Walter Bright:
 The problem is that enough recursion will blow up the stack in the 
 compiler. I set a limit below that. But, naturally, for any limit I set 
 someone will try to exceed it.

I accept that some limits exist. For many situations a template nesting of 1000 is plenty. My problems were: 1) The limit of D1 seems different of the limit of D2, so a program I have written for D1 doesn't work with D2. 2) Of course I have first tried to write it with CTFE, but I have failed. First I have tried the simple solution: int[] genSquares(int n) { int[] result; for (int i = 0; i < n; i++) { int k = i; int m; while (k) { int digit = k % 10; k /= 10; m += digit * digit; } result ~= m; } return result; } Then seeing it fail (I cast it into a fixed sized array at compile time), I have tried creating a fixed sized array, but functions can't return them yet. So I have tried to wrap the static array with a struct, but Don has shown this doesn't currently work yet: struct S(int N) { int[N] a; } S!(N) genSquares(int N)() { S!(N) s; for (int i = 0; i < N; i++) { int n = i; int m = 0; while (n) { int digit = n % 10; n /= 10; m += digit * digit; } s.a[i] = m; } return s; } void main() { const int CHUNK = 1000; static const auto squares = genSquares!(CHUNK)().a; } So I have created the mixed template/ctfe version I have shown in my original post. So far I have written tons of (sometimes quite complex) templates in D :-) Max Samukha then has gently offered me a working solution, but it's not obvious, it uses a dynamic array, but builds it in a more functional way. Bye, bearophile
May 25 2009
parent Max Samukha <outer space.com> writes:
On Mon, 25 May 2009 14:14:17 -0400, bearophile
<bearophileHUGS lycos.com> wrote:

Walter Bright:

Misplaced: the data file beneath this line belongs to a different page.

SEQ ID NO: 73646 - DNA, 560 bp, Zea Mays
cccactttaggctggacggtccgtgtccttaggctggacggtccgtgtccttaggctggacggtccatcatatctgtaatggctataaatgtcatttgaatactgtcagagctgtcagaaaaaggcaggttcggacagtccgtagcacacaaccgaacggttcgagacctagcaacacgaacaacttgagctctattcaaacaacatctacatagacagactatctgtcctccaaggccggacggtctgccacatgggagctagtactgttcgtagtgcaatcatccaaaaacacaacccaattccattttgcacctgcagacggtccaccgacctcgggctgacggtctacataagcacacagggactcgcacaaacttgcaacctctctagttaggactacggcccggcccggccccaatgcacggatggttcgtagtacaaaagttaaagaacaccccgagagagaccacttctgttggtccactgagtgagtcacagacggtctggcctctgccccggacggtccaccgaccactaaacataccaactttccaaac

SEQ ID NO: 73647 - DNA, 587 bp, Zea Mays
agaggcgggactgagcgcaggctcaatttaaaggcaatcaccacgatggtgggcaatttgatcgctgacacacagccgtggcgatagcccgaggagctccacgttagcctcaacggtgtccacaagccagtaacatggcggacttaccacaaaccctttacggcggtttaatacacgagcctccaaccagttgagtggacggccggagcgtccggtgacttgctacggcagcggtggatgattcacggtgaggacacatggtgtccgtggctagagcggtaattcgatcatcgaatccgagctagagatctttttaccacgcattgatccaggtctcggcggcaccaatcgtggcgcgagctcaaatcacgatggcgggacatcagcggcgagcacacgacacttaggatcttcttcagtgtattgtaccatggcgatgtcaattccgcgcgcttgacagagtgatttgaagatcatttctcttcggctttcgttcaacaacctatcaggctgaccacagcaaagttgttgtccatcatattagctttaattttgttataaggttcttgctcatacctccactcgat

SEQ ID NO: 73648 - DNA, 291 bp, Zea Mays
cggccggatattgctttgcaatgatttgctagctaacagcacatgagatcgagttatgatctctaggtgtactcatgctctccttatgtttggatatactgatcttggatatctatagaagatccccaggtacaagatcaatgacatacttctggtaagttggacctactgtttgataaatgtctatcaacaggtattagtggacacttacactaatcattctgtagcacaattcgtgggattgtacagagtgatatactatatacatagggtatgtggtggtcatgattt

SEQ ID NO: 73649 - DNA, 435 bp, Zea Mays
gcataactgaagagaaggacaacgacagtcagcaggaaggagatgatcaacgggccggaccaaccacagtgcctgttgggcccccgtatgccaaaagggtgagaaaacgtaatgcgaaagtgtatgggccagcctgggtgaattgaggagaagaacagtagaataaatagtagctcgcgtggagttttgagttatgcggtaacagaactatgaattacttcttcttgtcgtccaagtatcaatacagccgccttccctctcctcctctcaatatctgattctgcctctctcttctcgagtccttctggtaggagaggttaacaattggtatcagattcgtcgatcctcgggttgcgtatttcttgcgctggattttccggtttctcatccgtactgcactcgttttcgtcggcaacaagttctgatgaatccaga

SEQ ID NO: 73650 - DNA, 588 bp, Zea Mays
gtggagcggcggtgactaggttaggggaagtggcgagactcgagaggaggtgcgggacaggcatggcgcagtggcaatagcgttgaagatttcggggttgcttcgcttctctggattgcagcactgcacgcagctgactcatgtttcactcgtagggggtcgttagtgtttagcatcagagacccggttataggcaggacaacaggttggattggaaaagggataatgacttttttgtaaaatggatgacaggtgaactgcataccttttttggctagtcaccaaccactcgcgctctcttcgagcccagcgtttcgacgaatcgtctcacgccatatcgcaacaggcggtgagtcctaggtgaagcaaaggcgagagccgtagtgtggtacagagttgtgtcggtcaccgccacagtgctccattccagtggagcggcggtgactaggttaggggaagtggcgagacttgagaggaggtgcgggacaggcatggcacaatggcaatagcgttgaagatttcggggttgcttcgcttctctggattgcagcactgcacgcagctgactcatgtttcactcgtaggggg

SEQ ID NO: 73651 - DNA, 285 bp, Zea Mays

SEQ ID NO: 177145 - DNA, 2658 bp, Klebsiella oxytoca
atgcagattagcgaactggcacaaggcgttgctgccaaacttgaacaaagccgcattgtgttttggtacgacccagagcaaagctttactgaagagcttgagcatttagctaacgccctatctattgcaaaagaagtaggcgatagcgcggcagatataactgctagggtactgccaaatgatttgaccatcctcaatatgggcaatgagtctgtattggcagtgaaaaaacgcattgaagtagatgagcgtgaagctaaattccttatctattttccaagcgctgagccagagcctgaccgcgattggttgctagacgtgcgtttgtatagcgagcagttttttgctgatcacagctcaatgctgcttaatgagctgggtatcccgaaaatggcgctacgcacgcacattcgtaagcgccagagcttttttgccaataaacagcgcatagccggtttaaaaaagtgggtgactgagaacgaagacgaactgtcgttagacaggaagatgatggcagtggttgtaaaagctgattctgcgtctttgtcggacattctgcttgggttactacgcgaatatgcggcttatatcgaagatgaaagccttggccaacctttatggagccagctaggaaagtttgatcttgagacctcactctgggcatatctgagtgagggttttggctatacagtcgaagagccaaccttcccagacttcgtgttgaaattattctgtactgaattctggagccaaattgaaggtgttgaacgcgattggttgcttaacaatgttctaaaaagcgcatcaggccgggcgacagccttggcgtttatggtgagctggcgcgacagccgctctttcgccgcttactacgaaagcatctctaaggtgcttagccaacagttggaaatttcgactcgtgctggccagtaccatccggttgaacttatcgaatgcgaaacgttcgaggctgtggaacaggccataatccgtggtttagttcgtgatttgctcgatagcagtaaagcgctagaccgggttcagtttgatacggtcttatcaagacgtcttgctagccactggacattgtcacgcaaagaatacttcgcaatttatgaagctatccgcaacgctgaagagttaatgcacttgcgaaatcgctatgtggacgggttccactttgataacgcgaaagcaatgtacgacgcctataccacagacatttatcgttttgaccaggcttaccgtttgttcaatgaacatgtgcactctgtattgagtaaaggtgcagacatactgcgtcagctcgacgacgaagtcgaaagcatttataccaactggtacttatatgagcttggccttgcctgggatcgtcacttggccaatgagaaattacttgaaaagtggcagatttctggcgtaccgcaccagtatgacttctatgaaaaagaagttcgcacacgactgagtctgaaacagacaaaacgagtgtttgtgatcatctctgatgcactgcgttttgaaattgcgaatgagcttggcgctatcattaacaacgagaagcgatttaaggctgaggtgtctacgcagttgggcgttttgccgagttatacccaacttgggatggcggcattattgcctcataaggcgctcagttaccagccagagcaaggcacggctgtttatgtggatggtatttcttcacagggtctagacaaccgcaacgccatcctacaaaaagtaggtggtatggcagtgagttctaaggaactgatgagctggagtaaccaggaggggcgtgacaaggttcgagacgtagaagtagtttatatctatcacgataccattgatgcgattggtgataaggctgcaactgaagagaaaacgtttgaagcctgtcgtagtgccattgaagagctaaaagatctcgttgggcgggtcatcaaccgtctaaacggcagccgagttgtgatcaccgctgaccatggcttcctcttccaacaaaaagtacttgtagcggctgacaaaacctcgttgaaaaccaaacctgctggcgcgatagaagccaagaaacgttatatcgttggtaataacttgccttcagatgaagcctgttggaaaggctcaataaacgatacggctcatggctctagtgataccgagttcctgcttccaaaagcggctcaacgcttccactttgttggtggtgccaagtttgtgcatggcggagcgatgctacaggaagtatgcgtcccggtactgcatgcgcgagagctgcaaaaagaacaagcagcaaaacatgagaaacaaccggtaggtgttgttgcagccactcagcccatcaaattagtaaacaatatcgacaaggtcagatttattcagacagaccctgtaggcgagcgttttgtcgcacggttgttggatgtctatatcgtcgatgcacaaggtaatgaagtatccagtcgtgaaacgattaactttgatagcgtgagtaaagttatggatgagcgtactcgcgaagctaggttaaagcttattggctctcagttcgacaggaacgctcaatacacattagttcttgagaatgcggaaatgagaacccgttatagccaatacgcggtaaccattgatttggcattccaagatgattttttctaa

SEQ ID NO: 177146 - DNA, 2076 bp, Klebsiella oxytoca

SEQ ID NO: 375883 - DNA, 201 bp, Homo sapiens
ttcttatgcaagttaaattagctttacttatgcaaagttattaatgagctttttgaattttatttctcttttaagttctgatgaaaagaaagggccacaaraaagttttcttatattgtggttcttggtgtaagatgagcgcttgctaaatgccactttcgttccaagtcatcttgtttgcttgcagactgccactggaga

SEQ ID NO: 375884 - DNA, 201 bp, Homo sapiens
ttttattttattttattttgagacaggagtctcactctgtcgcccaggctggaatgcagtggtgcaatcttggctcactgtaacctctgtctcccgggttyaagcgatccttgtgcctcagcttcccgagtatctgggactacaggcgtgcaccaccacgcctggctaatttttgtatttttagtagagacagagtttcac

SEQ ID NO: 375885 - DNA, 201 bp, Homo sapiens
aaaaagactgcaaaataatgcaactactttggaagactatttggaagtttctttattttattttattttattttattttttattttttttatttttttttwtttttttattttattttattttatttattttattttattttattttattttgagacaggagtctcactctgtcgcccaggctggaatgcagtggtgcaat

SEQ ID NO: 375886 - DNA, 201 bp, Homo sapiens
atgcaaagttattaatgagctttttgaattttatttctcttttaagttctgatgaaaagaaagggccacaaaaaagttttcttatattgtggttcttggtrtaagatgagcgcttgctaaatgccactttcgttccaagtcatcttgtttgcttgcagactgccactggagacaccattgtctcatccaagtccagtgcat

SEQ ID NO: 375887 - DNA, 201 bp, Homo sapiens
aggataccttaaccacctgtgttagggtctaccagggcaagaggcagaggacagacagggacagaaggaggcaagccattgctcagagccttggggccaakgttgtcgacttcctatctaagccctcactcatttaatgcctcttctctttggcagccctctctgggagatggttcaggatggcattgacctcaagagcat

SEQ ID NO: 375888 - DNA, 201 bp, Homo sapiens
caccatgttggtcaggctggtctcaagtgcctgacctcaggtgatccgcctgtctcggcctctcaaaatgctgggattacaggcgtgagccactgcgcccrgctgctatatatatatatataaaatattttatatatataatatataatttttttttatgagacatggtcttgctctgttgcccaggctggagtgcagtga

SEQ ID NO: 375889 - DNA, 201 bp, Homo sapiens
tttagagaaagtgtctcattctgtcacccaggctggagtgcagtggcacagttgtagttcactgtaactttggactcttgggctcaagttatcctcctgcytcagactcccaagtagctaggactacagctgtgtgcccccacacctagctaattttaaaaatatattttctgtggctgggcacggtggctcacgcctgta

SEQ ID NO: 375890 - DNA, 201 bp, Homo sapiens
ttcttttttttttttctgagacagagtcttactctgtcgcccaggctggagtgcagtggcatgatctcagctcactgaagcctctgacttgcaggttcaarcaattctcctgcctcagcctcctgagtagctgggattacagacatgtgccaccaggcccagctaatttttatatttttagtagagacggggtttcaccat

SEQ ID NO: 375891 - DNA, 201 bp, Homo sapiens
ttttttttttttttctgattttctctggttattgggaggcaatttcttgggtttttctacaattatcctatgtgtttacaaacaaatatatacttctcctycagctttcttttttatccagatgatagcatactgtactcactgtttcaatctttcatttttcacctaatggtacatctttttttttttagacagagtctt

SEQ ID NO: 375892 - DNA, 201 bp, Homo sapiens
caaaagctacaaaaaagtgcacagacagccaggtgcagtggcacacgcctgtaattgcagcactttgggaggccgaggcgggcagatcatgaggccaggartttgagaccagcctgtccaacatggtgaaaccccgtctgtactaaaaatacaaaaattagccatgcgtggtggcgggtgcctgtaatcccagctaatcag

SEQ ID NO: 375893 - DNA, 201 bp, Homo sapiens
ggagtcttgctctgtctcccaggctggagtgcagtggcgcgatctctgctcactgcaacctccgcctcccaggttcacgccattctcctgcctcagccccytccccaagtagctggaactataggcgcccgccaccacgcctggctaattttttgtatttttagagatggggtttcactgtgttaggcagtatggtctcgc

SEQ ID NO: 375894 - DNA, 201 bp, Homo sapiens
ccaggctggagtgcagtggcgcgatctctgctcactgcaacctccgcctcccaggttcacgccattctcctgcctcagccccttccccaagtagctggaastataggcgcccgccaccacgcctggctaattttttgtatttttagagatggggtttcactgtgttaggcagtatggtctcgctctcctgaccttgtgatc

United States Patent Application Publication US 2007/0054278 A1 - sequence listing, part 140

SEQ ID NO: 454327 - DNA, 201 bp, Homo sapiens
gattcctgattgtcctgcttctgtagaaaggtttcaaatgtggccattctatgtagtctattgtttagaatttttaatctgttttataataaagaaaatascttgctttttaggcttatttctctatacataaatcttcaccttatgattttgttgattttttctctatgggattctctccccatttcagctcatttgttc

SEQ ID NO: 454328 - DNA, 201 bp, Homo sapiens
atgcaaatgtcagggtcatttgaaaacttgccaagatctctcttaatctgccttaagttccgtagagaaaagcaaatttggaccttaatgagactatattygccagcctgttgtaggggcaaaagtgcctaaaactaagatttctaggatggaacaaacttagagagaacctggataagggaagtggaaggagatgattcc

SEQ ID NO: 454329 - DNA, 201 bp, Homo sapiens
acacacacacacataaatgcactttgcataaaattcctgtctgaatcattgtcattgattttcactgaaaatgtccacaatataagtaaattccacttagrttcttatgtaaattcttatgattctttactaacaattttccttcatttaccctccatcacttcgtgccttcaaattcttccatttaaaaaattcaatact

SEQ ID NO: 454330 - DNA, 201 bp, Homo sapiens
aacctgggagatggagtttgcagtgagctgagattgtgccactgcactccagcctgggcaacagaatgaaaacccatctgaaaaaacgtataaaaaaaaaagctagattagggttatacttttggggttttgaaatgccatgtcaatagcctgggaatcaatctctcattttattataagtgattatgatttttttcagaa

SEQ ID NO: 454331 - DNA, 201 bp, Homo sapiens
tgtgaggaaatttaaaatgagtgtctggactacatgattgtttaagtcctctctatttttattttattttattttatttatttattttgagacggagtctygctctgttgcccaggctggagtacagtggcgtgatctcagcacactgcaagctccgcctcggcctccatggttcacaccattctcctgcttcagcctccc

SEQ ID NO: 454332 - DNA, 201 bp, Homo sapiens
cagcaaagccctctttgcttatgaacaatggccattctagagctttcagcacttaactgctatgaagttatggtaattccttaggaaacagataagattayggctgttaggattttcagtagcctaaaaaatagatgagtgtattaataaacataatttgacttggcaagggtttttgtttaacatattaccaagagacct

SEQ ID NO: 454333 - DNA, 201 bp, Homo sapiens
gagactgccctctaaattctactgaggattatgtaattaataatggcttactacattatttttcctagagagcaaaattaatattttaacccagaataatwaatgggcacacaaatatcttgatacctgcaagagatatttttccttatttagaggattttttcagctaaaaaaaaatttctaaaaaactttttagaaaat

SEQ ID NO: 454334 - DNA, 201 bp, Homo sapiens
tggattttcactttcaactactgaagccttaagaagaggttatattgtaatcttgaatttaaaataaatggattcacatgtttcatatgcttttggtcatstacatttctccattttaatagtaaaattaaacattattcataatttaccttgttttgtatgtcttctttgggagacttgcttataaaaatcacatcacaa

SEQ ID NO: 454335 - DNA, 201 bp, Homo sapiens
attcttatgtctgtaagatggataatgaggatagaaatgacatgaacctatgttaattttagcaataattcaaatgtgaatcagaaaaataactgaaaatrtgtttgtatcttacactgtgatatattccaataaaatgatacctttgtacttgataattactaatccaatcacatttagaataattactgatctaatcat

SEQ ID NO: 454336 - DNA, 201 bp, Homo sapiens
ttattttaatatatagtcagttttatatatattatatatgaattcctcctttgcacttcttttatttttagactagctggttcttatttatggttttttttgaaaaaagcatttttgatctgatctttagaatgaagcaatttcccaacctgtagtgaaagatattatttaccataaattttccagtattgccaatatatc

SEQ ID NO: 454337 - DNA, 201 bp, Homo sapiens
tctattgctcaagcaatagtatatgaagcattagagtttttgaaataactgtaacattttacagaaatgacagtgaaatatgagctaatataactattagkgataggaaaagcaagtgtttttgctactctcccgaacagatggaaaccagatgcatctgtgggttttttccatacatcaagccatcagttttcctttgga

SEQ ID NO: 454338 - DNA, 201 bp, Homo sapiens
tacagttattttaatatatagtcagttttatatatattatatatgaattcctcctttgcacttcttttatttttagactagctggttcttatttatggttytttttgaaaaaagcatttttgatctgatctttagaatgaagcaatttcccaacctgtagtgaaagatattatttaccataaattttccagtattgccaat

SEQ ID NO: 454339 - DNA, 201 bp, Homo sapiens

The problem is that enough recursion will blow up the stack in the 
 compiler. I set a limit below that. But, naturally, for any limit I set 
 someone will try to exceed it.

I accept that some limits exist. For many situations a template nesting of 1000 is plenty. My problems were: 1) The limit of D1 seems different of the limit of D2, so a program I have written for D1 doesn't work with D2. 2) Of course I have first tried to write it with CTFE, but I have failed. First I have tried the simple solution: int[] genSquares(int n) { int[] result; for (int i = 0; i < n; i++) { int k = i; int m; while (k) { int digit = k % 10; k /= 10; m += digit * digit; } result ~= m; } return result; } Then seeing it fail (I cast it into a fixed sized array at compile time), I have tried creating a fixed sized array, but functions can't return them yet. So I have tried to wrap the static array with a struct, but Don has shown this doesn't currently work yet: struct S(int N) { int[N] a; } S!(N) genSquares(int N)() { S!(N) s; for (int i = 0; i < N; i++) { int n = i; int m = 0; while (n) { int digit = n % 10; n /= 10; m += digit * digit; } s.a[i] = m; } return s; } void main() { const int CHUNK = 1000; static const auto squares = genSquares!(CHUNK)().a; } So I have created the mixed template/ctfe version I have shown in my original post. So far I have written tons of (sometimes quite complex) templates in D :-) Max Samukha then has gently offered me a working solution, but it's not obvious, it uses a dynamic array, but builds it in a more functional way. Bye, bearophile

It looks like you can workaround the bug by taking a slice of the result to "normalize" the array. This works with both compiler versions: int[] genSquares(int n) { int[] result; for (int i = 0; i < n; i++) { int k = i; int m; while (k) { int digit = k % 10; k /= 10; m += digit * digit; } result ~= m; } return result[0..n]; } void main() { const int CHUNK = 1000; static const auto squares = cast(int[CHUNK])genSquares(CHUNK); } But I'd rather use a dynamic array instead until Don fixes the bug :)
May 26 2009